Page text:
Monday, January 12, 2015

'Nam and the Art of Motorcycle Road Trips.

 It is shortly after noon, and I'm happy to be venturing away from the city of Saigon.  The highway that we are on is a two-lane stretch.  It's old, or at least appears that way, and the holiday weekend floods it with a sea of motorbikes; their riders also intent on escaping the hustle and bustle of Saigon.

The air, surprisingly hot even when moving at 60 mph, is full of car fumes and emission odors.  We sit so close to the bikers around us that their body odors are recognizable in the wind.  The traffic makes the trip slower than normal.  Not that I would know though -- motorcycle trips are new to me; one of the many things these days that mark the beginning of a new life.

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We are traveling to Vung Tao, a beach town about 125 km (77 miles) southeast from Ho Chi Minh City.  For the others, it's a destination trip, but for me, as the only one who has not yet road tripped on a motorbike, it is about the journey.

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I feel things differently traveling on a motorcycle than I ever have in a car, a bus or a train.  I am not confined and, instead, feel in contact with it all -- the changing landscape, the ominous clouds in front of me, the sunshine beating down, the pavement whizzing by, just inches below my flip-flopped feet.

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We pass small garages offering drinks of sugarcane juice and coconut milk, and
groups of rubber trees providing shaded rest stops, hammocks slung between them for those wishing for a nap.

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In front of us, low gray clouds loom over the road, as they do most afternoons in Vietnam.  The chance of us arriving at the city before the rain begins is narrowing.  We are two hours in, and even with the Cat Lai Ferry shortcut, we still have a long way to go.

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As we exit the ferry, the rain begins to fall, so we stop at a roadside stand selling chicken legs atop fried rice. 

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I learned quickly after moving to Vietnam that rain never falls lightly here.  It pours, hard and long, often causing calf-deep flooding in the streets.  Ponchos are an essential part of the Vietnamese uniform, as are cheap waterproof flip-flops.

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The rain begins to ease, providing no break in the heat or in the humidity. We start out again, and I'm happy to be back on the bike where at least there is a breeze.  We're far enough from the city now that the traffic has cleared, and we are able to move faster on the roads.

I'm happy to be seeing more of this country.  It has a peculiar charm to it.  It's an allure I have never encountered in all my travels.  This mystique winds around noodles in boiling water, sticks to frog legs cooked over makeshift stoves on the street, weaves into pointed straw hats, drips from jungle foliage, lounges in rooftop bars, and pours from fresh coconuts through a straw.

We ride through a large roadside market.  Looking closely as we whizz by, I  catch glimpses of live chickens, mounds of fuchsia dragon fruit, and some skinned animal.  I slap Mike's shoulder as I realize it is, in fact, dog ready to be roasted.  Chained up next to the tables of the carcasses were live dogs awaiting their fate.  Mike turns his head to the side and yells back at me, "Yup.  You'll get used to that."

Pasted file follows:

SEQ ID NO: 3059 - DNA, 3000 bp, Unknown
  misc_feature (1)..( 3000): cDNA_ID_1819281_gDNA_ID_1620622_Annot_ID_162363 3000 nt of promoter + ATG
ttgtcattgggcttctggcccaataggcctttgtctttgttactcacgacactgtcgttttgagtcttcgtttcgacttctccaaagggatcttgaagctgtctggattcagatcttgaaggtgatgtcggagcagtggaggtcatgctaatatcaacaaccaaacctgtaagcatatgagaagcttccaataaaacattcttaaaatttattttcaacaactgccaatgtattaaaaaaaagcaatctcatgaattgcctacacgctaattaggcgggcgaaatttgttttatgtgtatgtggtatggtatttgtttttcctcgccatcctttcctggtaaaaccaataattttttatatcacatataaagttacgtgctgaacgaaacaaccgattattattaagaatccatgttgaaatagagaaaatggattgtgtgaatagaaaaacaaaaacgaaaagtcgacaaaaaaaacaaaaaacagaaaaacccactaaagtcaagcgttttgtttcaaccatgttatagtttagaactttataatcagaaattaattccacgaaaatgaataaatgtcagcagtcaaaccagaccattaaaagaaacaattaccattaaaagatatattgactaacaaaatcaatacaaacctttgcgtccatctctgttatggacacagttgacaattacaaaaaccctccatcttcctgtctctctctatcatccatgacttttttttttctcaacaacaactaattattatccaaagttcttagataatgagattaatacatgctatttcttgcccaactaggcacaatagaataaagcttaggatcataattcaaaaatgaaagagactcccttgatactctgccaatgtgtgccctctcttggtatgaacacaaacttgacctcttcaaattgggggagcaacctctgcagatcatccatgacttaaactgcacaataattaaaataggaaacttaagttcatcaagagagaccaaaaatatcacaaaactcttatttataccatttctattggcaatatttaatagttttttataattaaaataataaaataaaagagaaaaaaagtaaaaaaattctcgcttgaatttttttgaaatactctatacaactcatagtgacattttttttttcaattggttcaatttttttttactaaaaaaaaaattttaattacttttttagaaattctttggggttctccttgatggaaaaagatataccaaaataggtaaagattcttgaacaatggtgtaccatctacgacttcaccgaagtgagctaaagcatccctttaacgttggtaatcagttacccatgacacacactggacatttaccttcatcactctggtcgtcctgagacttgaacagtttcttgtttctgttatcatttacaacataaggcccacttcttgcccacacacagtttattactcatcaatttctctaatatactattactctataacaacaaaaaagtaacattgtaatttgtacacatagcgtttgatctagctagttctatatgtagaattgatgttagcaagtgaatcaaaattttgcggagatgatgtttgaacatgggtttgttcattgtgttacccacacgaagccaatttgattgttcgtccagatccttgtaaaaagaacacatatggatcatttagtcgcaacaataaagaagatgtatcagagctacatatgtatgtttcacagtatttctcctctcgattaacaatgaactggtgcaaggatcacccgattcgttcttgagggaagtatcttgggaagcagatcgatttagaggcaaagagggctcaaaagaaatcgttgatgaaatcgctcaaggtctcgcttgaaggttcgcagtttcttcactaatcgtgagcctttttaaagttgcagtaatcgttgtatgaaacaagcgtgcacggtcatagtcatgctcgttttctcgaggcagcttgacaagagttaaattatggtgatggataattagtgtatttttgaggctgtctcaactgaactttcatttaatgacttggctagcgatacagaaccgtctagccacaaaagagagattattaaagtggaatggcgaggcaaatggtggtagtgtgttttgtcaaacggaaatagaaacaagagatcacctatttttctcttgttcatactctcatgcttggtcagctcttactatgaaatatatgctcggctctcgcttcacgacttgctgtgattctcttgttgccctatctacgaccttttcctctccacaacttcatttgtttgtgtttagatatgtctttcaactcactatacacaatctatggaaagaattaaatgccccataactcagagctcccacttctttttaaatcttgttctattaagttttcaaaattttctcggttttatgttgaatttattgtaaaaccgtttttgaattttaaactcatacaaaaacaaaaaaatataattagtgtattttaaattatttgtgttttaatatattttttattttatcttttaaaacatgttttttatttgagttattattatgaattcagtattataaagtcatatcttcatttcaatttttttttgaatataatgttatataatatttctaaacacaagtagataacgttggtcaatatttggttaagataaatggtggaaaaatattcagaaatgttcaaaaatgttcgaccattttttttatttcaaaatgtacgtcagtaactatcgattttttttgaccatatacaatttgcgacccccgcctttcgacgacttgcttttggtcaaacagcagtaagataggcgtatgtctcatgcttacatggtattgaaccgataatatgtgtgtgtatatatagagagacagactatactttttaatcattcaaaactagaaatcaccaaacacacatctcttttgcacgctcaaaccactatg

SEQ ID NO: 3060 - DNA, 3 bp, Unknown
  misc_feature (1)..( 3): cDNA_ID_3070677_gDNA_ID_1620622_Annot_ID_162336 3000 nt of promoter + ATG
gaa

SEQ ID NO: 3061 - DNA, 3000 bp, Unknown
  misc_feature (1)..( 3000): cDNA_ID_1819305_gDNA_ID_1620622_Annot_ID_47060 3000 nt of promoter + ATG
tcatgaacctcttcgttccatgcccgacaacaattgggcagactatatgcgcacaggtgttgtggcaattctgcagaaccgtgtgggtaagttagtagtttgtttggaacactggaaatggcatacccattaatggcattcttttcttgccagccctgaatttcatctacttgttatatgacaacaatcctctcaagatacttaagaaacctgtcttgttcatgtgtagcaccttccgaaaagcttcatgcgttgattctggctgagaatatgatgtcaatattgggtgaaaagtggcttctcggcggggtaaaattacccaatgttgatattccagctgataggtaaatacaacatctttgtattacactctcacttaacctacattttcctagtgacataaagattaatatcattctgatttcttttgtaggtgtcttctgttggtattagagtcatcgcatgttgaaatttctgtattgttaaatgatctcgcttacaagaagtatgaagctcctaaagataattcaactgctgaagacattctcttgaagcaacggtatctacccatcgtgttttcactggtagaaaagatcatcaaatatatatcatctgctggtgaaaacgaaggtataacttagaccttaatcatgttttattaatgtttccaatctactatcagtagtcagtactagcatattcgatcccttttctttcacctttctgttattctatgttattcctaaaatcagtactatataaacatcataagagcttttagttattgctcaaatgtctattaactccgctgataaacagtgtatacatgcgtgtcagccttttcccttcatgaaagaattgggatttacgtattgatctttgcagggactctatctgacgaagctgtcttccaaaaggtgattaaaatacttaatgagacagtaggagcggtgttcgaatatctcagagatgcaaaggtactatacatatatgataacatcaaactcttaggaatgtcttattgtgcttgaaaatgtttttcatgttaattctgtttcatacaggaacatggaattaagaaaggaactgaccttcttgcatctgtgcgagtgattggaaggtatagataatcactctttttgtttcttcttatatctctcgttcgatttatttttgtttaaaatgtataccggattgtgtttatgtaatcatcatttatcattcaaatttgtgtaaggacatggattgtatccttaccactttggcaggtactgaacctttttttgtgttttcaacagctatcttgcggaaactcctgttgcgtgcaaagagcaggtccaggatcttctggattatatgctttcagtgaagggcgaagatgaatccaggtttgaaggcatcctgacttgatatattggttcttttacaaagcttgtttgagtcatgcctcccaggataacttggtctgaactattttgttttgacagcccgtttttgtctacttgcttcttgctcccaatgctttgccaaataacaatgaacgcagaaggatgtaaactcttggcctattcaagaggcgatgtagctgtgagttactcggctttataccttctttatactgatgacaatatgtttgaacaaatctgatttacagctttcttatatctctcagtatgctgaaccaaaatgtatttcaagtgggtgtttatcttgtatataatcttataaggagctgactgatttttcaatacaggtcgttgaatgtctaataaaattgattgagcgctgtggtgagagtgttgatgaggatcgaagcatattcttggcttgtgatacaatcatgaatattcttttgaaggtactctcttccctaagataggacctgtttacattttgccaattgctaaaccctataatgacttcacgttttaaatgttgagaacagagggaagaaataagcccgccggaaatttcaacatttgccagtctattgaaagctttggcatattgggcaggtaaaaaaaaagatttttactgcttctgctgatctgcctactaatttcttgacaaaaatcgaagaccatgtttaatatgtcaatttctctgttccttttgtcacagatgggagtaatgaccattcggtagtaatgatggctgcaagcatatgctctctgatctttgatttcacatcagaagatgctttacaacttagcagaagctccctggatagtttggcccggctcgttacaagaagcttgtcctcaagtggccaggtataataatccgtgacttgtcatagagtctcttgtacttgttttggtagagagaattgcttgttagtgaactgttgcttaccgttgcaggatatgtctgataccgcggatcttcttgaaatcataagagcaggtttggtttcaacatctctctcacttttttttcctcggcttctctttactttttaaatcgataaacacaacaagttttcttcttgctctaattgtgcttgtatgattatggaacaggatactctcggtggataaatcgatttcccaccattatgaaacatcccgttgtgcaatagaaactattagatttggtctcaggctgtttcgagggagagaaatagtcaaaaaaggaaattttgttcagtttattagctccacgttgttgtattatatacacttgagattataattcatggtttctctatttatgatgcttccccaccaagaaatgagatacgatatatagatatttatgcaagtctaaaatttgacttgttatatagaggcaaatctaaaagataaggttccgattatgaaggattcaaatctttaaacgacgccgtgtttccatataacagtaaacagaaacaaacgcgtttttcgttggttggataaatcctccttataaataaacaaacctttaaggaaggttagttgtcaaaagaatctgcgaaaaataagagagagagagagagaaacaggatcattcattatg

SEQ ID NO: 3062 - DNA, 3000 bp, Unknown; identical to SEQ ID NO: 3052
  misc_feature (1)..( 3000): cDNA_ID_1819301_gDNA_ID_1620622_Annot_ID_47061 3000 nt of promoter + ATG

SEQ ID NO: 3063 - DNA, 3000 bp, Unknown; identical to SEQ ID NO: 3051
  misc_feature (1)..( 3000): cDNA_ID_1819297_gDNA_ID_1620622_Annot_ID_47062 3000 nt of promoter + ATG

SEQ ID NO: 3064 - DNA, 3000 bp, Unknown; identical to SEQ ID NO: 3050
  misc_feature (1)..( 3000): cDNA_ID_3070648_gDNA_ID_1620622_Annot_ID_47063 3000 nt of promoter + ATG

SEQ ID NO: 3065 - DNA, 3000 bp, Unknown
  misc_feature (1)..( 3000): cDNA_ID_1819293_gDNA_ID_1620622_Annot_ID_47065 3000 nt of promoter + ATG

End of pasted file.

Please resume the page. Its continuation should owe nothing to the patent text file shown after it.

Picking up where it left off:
Right.  Because I am the new girl.  For the rest of these guys, this place has become familiar.  One day I'll catch on and my eyes will become less wide.  Perhaps I'll even come to be the one driving the motorcycle.

We navigate with the Google maps app, and every time we pull out our devices to check our course, I wonder how expats navigated these roads prior to such technology.  Although doable, I can't imagine the difficulty it would have added to the trip.  Most locals we've encountered do not speak English.  Street signs are confusing, and road closures and detours are nearly impossible to predict.  If that information is posted, it is in such a way as to be incomprehensible to English-only speakers.  Or perhaps the clear instructions are tucked away somewhere we visitors don't know to look.

Up ahead, my friend J.P. points and screams, over the motor, "Just up this road a little ways!"  Mike nods showing he heard.  It is nearly impossible to have conversations while on a motorbike.  It is nearly impossible to do anything but sit and think and feel and see.

Vung Tao comes into view.  It is hazy and overcast, and the water is a blueish-brown.  Small fishing boats dot the water, and black rocks form a physical line between the highway and the shoreline.

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Feeling happy, we arrive at our hotel.  It is 4:30, and immediately, we have some showers.  Not everyone would understand the layer of grime that accumulates on a 125-km bike ride. I didn't understand myself until just today how the combination of sunscreen, sweat, and road dirt cake together to form a visible layer of filth.

These hours are the most I've ever spent on a motorbike.  My butt is numb, and I feel like I got hit by a train.  But that will pass, and for now, I'll enjoy a few days at the beach, dipping my toes in the South {China} Sea, sipping on frozen cocktails, and laughing with some new friends.

1 comment:

  1. I've been waiting for this post. Your descriptive words and phrases have given me a glimpse into this new life of yours, and it appears that you are happy in Viet Nam, That makes me happy!